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The city of Bozeman’s budget for the fiscal year that starts July 1 was recently approved. For the coming year, the public health dangers, economic turmoil and social justice questions facing our community and others across the country drove budget decisions and priorities.

Like everything else, the fiscal outlook remains in flux and Bozeman will continue a four-step approach: monitor budget projections closely, look for ways to reduce spending, increase support and partnership of individuals and the private sector, and engage the public throughout the coming year.

Holding down costs, focusing on core responsibilities

Given the pain and economic uncertainty, one of the highest priorities was to hold down costs and taxes. The commission made a number of cuts, such as reducing the general fund reserve, delaying a parking lot, and hiring fewer lifeguards, that dropped net costs by more than $1 million.

As a result, a typical Bozeman household will pay roughly $2,500 for all city services in the coming year—including water and sewer, the fire department, street work, library and everything in between.

Of this amount, about a third comes from property taxes and nearly half of all costs are from water and sewer bills with the rest mostly transportation related. Compared to other similarly sized cities in the West, Bozeman’s revenue collected per capita is about average—in line with Montana cities like Helena and Missoula; and significantly less than cities like Fort Collins or Flagstaff.

Like most cities, infrastructure and public safety make up half the budget: street-related costs are 16 percent; water 10%; and wastewater 9%—along with police at 8% and fire at 5%. By comparison, parks are 3% and the library 2%.

Partnering with the community

Given the pain and economic difficulties facing Bozeman, the final budget includes support for important social services like the Help Center which provides invaluable crisis counseling for the community, ongoing assistance for HAVEN’s work to support domestic violence victims, and continued support for affordable housing efforts.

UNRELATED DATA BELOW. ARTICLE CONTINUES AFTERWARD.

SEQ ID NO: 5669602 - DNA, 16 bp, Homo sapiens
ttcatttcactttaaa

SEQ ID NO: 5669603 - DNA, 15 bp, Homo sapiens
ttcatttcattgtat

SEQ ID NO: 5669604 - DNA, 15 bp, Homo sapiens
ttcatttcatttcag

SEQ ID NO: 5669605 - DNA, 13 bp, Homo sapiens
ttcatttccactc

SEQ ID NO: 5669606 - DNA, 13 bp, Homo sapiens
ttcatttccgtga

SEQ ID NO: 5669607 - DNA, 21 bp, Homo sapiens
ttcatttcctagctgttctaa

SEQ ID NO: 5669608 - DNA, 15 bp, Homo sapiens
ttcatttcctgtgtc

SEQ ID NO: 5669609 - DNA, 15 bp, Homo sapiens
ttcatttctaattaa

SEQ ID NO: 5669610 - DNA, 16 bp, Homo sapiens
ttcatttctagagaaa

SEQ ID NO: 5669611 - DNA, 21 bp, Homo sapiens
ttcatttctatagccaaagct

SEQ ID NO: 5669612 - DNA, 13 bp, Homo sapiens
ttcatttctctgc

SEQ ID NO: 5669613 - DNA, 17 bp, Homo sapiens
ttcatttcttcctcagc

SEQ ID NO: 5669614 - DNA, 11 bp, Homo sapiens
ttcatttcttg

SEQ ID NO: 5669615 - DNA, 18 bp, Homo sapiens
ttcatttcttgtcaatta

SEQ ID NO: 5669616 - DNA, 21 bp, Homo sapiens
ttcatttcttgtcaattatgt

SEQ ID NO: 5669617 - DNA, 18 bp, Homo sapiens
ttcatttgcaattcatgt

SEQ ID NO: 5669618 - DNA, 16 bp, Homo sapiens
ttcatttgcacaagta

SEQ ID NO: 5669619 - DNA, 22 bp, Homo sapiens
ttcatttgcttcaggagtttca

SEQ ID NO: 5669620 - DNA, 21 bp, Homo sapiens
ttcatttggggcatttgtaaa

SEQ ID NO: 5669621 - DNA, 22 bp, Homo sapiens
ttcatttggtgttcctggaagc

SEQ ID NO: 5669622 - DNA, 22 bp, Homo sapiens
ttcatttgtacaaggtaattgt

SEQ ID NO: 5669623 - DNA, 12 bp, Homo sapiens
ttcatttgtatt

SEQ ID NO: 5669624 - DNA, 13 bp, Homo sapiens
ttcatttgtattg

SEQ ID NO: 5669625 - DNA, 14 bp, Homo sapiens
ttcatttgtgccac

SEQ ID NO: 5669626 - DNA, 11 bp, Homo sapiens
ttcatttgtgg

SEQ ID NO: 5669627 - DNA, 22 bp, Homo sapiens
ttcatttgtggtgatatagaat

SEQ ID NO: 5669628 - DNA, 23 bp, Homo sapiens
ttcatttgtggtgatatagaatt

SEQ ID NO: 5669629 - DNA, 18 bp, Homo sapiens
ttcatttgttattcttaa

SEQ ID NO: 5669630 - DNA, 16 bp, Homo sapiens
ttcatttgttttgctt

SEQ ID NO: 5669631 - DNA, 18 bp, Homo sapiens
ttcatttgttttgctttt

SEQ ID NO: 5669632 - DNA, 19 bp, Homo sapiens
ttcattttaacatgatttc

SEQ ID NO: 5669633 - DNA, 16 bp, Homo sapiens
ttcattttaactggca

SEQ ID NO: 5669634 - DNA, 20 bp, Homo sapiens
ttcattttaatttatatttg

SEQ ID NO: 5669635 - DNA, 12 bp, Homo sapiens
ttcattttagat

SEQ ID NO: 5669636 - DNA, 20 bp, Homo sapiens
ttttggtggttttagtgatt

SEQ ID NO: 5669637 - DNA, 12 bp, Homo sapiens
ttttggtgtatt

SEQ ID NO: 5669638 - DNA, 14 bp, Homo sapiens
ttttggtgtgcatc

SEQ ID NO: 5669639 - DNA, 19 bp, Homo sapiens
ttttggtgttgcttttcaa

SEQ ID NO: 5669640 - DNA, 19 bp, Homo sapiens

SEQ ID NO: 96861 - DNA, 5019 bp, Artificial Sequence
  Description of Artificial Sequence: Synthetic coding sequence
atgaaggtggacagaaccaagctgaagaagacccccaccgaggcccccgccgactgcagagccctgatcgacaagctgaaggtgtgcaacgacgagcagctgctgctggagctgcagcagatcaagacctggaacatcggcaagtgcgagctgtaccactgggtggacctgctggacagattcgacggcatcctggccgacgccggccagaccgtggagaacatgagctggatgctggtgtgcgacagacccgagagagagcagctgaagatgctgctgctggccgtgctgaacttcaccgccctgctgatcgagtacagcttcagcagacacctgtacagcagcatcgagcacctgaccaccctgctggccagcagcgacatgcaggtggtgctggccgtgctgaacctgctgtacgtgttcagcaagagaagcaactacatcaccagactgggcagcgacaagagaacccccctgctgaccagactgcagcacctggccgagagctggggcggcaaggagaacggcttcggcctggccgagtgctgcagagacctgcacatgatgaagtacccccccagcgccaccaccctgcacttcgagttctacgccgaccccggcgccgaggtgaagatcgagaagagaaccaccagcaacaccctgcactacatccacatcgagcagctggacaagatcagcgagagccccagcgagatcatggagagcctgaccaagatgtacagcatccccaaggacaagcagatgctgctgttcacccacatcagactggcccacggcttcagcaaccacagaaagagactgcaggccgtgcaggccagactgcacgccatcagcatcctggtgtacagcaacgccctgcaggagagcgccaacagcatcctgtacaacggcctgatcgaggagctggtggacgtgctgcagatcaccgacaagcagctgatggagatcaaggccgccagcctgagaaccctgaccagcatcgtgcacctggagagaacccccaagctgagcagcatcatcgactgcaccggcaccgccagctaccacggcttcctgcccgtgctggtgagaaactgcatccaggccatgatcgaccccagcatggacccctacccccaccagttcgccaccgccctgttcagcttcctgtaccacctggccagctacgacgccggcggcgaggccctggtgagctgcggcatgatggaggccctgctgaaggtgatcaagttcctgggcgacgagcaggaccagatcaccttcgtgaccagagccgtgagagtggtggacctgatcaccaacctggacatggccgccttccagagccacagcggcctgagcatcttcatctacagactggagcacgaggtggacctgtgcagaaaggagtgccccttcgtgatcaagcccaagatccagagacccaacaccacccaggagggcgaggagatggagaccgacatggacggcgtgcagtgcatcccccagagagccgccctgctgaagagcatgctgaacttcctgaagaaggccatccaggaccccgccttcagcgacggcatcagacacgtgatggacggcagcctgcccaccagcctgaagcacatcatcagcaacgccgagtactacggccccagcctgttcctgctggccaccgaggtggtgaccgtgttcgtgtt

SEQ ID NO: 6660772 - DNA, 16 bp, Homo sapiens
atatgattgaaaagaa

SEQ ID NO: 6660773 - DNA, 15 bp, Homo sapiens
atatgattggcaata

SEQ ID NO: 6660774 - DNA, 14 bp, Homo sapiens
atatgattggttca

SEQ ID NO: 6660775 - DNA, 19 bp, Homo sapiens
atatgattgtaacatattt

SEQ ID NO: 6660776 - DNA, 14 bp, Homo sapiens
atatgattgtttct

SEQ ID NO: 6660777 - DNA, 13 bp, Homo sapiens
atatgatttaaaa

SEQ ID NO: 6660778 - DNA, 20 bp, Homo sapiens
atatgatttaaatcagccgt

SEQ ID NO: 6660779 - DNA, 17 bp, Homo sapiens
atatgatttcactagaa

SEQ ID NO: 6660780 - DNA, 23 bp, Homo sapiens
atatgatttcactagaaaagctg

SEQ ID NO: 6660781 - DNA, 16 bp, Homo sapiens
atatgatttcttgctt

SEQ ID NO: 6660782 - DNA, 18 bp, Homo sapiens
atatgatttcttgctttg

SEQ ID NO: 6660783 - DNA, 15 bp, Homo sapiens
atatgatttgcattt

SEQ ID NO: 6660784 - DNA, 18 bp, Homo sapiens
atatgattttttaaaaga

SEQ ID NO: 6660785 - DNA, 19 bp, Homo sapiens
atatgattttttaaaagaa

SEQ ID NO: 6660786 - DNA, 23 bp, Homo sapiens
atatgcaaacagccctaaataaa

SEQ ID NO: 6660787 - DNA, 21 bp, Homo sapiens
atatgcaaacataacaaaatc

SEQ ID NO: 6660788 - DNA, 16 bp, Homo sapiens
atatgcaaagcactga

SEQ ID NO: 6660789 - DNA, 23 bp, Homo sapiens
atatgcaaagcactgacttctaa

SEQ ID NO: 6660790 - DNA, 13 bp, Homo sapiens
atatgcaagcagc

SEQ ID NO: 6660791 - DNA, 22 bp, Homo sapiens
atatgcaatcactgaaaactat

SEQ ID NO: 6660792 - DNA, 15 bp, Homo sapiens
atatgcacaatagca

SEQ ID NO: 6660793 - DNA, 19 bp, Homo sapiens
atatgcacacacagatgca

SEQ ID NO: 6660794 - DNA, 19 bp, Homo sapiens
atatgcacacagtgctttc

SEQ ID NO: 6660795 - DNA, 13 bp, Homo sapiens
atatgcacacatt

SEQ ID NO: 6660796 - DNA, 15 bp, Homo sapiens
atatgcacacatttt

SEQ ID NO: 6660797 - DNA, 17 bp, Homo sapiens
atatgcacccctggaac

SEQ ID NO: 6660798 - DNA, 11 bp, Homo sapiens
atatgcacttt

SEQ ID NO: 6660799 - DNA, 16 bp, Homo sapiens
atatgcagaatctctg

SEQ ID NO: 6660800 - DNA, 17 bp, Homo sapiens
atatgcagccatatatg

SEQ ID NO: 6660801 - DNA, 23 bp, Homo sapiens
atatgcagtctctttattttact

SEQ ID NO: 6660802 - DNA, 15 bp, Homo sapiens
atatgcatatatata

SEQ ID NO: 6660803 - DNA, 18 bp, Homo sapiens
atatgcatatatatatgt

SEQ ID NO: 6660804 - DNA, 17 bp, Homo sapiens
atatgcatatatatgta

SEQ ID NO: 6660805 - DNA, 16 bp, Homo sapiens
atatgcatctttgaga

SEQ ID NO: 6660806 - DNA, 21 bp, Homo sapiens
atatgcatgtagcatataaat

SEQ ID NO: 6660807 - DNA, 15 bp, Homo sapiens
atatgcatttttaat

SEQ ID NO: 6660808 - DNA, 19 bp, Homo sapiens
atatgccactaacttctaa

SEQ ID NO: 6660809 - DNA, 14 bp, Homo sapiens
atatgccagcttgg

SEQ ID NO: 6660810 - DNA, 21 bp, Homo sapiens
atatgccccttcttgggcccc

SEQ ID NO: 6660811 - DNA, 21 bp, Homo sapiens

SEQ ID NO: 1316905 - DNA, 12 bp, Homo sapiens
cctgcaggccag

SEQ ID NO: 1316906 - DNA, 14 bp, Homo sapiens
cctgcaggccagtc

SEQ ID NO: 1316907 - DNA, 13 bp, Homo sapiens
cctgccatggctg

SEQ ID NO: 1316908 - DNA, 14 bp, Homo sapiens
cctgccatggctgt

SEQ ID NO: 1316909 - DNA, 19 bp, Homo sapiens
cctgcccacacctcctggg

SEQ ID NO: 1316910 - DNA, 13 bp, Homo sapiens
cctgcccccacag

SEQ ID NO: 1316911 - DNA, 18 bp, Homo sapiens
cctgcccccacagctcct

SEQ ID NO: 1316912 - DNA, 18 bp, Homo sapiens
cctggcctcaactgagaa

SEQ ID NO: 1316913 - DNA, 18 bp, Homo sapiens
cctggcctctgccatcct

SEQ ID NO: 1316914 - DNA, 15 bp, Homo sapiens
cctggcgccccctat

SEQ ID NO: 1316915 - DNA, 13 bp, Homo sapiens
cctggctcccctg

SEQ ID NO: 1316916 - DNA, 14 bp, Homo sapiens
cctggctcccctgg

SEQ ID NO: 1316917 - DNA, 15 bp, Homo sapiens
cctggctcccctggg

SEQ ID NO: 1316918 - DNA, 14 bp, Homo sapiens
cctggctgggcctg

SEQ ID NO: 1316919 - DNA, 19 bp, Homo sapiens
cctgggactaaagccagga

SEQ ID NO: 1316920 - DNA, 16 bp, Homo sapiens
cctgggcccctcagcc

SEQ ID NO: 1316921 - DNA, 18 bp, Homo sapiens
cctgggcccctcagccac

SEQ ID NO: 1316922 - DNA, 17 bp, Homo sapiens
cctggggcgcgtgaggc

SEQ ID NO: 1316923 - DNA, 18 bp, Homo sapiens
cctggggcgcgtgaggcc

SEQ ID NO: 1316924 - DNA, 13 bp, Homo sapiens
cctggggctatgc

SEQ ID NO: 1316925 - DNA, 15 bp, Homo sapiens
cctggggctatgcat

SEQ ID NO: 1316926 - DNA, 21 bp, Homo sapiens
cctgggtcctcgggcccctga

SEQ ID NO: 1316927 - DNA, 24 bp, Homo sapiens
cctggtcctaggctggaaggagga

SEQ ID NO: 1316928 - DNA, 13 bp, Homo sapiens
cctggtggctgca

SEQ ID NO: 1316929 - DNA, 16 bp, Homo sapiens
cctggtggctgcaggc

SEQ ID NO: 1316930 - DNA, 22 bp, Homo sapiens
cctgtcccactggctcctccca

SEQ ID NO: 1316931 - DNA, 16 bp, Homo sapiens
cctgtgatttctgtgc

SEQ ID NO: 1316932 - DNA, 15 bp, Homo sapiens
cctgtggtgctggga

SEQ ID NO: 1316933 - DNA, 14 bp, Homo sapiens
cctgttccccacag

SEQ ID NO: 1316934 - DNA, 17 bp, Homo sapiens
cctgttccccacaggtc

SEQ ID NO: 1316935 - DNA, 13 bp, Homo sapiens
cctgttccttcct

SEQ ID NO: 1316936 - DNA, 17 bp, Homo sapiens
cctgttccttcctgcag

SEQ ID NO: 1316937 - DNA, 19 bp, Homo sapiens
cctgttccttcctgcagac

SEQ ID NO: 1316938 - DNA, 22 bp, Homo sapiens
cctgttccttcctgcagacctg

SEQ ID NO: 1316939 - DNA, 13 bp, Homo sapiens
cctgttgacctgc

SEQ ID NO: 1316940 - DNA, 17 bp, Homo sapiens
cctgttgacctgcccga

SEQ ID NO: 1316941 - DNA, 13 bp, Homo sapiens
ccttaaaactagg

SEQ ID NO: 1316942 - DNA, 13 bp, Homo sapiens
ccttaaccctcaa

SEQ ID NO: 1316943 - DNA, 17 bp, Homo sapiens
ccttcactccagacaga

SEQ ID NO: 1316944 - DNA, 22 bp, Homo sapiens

The budget also looks to promote alternative transportation with increased support for Streamline, more funding for bike paths and updating the city’s complete streets policies. Equally important, the budget increases staffing for the planning department with the goal of reviewing projects in a more timely and predictable manner.

Bozeman as an inclusive community

The city commission has tasked the city manager to review Bozeman’s practices to make sure they uphold the important goal of being an inclusive community. The review will cover a variety of topics such as training for police and all city employees, de-escalation policies, hiring practices, and accountability—and compare them to national best practices.

The commission and citizens will hear from the city manager at a public meeting on July 27, take public comments and decide additional action at that time. The budget includes funding for these and other future steps.

Today, Bozeman remains the safest large city in Montana while also having fewer police officers per capita than other cities in the state.

We have an obligation to our citizens and our law enforcement officers to continually provide proven tools, training and policies to reinforce and to advance the positive, collaborative partnership between the Bozeman Police Department and the citizens they protect and serve.

Let us embrace this opportunity for our community to listen to one another, to renew our commitment to inclusivity and to act and participate in our community so that Bozeman remains a place worthy of all people.

I appreciate the opportunity to serve. City commissioners want to hear from residents: email commissioners at, come to a meeting, or call.

Chris Mehl is the mayor of Bozeman.

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